Previous migrant worker schemes have suppressed wages of Australian workers. (Sound familiar?) But unions could endorse a new plan if:
Recently the Asian Development Bank assessed that at least one-quarter of the people in the Pacific have insufficient incomes to meet their basic needs.
Today in the East Timorese capital of Dili 58 per cent of young people are out of work; one-third of the population of the strife-torn Solomons capital Honiara live in poverty; and more than half the population of Australia's former colony of Papua New Guinea live below the basic needs poverty line.
- First, Australians would get the first opportunity to be employed before any migrant labour is deployed.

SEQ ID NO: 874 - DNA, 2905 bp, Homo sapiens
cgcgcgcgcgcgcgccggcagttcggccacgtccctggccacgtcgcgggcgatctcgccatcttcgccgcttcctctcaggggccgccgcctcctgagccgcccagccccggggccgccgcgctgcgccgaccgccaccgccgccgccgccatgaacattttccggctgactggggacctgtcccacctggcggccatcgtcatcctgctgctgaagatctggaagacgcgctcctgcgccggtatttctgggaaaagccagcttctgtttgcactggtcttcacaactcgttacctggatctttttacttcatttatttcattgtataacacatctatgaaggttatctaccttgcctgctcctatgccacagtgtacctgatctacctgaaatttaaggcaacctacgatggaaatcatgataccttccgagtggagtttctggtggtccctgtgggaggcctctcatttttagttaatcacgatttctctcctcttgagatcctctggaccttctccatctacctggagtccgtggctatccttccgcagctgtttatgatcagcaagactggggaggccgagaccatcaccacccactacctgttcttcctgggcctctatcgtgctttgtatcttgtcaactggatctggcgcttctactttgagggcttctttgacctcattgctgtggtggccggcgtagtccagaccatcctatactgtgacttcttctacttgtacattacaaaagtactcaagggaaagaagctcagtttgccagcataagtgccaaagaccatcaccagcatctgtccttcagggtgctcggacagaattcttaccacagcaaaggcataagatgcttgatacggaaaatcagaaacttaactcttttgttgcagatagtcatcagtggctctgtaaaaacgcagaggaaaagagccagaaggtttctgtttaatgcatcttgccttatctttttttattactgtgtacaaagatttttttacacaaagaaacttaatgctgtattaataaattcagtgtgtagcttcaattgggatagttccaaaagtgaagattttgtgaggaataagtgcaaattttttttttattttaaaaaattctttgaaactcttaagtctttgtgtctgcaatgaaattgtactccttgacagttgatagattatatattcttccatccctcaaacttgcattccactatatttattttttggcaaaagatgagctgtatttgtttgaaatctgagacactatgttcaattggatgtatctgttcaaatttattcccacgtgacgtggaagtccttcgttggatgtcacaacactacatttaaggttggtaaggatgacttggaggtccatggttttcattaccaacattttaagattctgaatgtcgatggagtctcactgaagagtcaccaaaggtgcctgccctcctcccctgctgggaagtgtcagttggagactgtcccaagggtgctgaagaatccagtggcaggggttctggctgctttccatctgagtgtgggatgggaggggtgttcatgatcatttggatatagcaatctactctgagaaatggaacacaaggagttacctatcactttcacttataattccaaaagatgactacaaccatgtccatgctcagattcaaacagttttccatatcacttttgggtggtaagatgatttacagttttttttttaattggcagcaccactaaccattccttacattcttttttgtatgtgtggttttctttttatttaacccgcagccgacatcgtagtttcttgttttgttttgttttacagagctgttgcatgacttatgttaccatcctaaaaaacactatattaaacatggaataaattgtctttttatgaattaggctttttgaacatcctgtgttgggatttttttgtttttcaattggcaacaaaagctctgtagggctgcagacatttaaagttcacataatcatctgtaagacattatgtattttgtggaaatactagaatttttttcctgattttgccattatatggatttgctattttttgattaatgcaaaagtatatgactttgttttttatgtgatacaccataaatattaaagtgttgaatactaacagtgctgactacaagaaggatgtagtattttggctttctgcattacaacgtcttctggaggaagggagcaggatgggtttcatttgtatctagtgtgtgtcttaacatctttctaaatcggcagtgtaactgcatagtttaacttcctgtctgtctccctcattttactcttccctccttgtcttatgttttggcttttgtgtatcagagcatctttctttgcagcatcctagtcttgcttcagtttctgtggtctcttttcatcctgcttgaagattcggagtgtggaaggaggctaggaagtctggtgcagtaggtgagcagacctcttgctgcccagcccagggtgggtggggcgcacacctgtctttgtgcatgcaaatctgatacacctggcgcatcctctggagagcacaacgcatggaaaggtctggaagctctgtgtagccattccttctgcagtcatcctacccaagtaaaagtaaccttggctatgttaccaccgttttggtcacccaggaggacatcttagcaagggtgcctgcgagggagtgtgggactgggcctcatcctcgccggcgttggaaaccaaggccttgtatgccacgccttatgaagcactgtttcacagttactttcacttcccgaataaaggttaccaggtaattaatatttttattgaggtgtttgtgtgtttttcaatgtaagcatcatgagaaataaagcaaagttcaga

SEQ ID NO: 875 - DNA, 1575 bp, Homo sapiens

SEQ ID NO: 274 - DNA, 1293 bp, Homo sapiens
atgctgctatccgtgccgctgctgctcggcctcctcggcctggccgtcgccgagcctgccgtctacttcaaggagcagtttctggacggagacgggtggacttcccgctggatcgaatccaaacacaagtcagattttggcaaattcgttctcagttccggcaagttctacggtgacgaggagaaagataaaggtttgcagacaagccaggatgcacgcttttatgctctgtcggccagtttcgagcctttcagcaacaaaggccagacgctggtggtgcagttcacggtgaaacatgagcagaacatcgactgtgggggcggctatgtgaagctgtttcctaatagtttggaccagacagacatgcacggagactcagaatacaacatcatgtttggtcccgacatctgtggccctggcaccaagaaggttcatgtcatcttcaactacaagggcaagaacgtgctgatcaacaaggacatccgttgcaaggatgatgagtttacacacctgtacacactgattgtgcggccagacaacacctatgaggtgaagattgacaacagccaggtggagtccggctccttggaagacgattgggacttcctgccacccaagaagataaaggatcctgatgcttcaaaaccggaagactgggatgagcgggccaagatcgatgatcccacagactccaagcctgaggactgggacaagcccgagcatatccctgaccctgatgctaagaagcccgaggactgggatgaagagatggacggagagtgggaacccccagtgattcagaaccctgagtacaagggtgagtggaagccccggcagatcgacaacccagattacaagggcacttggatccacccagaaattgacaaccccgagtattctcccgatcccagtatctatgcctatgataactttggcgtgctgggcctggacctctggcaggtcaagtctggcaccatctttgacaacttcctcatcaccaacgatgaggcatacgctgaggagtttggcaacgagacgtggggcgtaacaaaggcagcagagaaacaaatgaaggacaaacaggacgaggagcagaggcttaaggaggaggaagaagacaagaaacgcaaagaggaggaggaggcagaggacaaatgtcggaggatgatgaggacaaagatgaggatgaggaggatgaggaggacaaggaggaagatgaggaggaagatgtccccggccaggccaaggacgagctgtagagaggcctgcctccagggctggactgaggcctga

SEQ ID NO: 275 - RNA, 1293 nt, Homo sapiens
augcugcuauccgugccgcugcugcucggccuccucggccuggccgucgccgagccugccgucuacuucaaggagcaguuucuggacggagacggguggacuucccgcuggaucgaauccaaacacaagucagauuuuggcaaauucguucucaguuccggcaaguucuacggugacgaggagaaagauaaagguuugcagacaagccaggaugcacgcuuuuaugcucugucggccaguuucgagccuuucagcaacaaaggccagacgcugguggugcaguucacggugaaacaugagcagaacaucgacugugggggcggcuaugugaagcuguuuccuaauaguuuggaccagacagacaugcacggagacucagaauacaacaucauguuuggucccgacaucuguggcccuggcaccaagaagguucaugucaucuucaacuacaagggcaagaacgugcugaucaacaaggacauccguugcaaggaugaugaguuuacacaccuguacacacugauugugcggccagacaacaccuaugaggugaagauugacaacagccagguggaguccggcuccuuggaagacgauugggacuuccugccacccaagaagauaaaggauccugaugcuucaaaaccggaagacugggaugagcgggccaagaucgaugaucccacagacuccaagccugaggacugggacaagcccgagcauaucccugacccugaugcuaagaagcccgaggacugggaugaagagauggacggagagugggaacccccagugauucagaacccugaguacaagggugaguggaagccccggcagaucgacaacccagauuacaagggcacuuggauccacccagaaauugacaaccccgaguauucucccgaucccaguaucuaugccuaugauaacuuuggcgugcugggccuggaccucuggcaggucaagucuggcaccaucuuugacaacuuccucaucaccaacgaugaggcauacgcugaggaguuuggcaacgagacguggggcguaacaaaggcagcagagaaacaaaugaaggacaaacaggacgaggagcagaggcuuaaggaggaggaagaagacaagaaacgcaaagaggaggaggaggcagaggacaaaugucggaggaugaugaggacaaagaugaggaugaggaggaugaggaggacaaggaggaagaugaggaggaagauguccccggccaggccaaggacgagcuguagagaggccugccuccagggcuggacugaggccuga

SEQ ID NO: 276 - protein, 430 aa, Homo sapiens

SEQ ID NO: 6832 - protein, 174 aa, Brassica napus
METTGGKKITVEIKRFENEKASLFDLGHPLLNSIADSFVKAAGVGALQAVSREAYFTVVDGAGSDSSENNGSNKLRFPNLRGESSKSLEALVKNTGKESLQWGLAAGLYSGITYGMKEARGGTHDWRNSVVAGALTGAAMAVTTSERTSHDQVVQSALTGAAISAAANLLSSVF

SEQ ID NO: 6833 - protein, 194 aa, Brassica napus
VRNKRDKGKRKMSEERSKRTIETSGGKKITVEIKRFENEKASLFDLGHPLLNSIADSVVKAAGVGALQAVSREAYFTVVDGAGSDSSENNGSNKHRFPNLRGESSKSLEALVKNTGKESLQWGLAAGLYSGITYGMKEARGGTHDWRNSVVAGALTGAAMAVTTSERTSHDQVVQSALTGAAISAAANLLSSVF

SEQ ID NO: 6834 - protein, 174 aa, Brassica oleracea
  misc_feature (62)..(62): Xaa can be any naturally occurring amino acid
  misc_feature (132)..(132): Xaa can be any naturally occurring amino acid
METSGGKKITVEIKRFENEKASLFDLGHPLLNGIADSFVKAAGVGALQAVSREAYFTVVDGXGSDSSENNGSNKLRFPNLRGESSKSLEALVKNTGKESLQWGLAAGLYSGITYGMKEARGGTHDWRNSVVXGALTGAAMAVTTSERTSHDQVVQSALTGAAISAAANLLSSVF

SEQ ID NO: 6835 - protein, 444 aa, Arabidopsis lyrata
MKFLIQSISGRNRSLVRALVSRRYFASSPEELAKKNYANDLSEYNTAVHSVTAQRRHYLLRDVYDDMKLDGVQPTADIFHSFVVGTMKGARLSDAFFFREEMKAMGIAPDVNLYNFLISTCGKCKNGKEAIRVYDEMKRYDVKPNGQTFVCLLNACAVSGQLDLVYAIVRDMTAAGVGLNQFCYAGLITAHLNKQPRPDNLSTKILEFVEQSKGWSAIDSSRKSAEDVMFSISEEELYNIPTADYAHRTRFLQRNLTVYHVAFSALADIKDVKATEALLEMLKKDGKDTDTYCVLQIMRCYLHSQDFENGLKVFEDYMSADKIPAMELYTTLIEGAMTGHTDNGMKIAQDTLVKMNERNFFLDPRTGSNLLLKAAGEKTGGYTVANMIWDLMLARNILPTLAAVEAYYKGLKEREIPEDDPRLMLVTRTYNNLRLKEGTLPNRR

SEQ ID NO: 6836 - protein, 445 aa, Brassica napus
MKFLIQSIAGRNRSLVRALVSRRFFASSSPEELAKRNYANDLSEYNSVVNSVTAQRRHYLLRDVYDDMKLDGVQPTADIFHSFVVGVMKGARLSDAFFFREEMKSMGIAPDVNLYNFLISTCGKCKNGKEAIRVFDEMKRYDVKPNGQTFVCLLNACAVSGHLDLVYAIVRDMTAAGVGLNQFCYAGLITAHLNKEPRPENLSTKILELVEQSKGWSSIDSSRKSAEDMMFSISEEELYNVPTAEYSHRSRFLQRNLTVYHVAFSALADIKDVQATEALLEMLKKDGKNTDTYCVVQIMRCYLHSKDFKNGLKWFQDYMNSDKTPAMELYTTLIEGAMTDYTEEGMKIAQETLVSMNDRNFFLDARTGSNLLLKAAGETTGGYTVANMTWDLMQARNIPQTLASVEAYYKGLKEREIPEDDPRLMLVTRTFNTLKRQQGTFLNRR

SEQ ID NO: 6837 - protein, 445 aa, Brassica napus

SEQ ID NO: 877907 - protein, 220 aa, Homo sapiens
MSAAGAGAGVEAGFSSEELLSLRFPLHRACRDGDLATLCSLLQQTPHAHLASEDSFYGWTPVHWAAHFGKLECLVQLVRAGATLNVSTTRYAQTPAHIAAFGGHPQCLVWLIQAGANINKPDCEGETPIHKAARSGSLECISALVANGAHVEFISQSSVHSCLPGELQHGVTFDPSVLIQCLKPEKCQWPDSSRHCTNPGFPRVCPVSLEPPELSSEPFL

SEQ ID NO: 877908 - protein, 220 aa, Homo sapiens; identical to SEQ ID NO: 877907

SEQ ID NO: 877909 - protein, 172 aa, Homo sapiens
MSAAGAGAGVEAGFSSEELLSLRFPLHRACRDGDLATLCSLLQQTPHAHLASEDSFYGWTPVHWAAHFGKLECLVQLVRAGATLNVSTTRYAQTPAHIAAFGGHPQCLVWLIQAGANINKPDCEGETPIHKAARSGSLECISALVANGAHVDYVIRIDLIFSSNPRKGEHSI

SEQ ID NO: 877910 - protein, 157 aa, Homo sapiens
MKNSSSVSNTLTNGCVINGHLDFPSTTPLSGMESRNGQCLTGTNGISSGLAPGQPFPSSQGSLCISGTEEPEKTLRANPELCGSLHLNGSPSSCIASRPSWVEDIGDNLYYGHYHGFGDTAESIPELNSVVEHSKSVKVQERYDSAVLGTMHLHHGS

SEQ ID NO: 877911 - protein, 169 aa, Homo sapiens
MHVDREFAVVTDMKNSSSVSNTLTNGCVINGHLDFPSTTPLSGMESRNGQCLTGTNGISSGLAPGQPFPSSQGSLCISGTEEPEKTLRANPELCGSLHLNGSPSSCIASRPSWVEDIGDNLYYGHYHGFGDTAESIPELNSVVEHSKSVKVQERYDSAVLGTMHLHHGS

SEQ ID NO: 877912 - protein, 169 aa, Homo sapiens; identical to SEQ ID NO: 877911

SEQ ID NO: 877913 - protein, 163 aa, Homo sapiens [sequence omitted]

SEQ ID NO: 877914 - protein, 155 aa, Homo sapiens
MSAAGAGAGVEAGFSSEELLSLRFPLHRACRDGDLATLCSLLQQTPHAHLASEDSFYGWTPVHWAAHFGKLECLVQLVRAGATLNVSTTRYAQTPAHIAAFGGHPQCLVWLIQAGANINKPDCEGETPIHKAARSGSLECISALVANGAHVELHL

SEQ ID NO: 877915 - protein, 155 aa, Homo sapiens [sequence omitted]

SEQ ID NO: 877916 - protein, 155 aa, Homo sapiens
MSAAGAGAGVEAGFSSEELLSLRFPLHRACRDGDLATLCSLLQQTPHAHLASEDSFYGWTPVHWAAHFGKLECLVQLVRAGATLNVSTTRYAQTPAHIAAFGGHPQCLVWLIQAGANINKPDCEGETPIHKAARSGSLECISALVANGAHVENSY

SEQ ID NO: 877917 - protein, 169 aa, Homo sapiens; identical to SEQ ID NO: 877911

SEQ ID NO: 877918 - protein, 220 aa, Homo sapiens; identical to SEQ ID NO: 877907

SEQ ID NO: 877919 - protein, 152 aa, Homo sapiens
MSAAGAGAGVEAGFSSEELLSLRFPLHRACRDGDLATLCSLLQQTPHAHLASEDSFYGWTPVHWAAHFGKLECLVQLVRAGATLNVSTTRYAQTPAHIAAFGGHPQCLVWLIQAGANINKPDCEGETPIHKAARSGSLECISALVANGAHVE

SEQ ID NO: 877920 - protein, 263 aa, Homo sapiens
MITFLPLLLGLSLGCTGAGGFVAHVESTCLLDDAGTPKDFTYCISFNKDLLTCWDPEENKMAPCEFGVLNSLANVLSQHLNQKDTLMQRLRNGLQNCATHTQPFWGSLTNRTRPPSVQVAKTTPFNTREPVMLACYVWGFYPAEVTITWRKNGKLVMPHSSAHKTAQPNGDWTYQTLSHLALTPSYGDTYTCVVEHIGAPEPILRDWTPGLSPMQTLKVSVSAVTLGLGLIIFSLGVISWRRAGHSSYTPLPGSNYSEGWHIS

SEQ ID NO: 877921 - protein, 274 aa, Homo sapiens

- Second, a worker on the scheme can expect to earn the same as an Australian doing the same work.
- And, most importantly, punitive measures would be taken against any employers who seek to exploit the scheme to drive down wages and conditions in their industry or to treat the foreign workers as some sort of indentured slaves.